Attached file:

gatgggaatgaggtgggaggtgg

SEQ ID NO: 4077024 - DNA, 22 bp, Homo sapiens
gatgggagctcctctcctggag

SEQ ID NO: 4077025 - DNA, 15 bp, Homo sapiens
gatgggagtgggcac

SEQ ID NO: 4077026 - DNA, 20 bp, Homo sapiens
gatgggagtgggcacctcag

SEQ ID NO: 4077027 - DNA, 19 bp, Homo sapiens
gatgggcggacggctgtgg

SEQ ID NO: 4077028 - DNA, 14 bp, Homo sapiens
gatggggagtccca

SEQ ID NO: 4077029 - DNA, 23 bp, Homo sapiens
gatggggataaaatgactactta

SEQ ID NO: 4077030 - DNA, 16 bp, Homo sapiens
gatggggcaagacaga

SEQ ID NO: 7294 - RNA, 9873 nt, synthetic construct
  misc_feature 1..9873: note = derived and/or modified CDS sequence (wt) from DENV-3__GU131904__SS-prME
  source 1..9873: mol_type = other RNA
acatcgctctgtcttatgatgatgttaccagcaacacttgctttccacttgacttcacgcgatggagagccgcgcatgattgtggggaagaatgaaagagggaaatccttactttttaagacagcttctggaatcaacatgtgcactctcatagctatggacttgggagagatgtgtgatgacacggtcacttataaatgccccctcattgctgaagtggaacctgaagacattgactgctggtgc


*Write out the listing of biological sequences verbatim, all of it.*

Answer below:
gatgggaatgaggtgggaggtgg

SEQ ID NO: 4077024 - DNA, 22 bp, Homo sapiens
gatgggagctcctctcctggag

SEQ ID NO: 4077025 - DNA, 15 bp, Homo sapiens
gatgggagtgggcac

SEQ ID NO: 4077026 - DNA, 20 bp, Homo sapiens
gatgggagtgggcacctcag

SEQ ID NO: 4077027 - DNA, 19 bp, Homo sapiens
gatgggcggacggctgtgg

SEQ ID NO: 4077028 - DNA, 14 bp, Homo sapiens
gatggggagtccca

SEQ ID NO: 4077029 - DNA, 23 bp, Homo sapiens
gatggggataaaatgactactta

SEQ ID NO: 4077030 - DNA, 16 bp, Homo sapiens
gatggggcaagacaga

SEQ ID NO: 7294 - RNA, 9873 nt, synthetic construct
  misc_feature 1..9873: note = derived and/or modified CDS sequence (wt) from DENV-3__GU131904__SS-prME
  source 1..9873: mol_type = other RNA
acatcgctctgtcttatgatgatgttaccagcaacacttgctttccacttgacttcacgcgatggagagccgcgcatgattgtggggaagaatgaaagagggaaatccttactttttaagacagcttctggaatcaacatgtgcactctcatagctatggacttgggagagatgtgtgatgacacggtcacttataaatgccccctcattgctgaagtggaacctgaagacattgactgctggtgc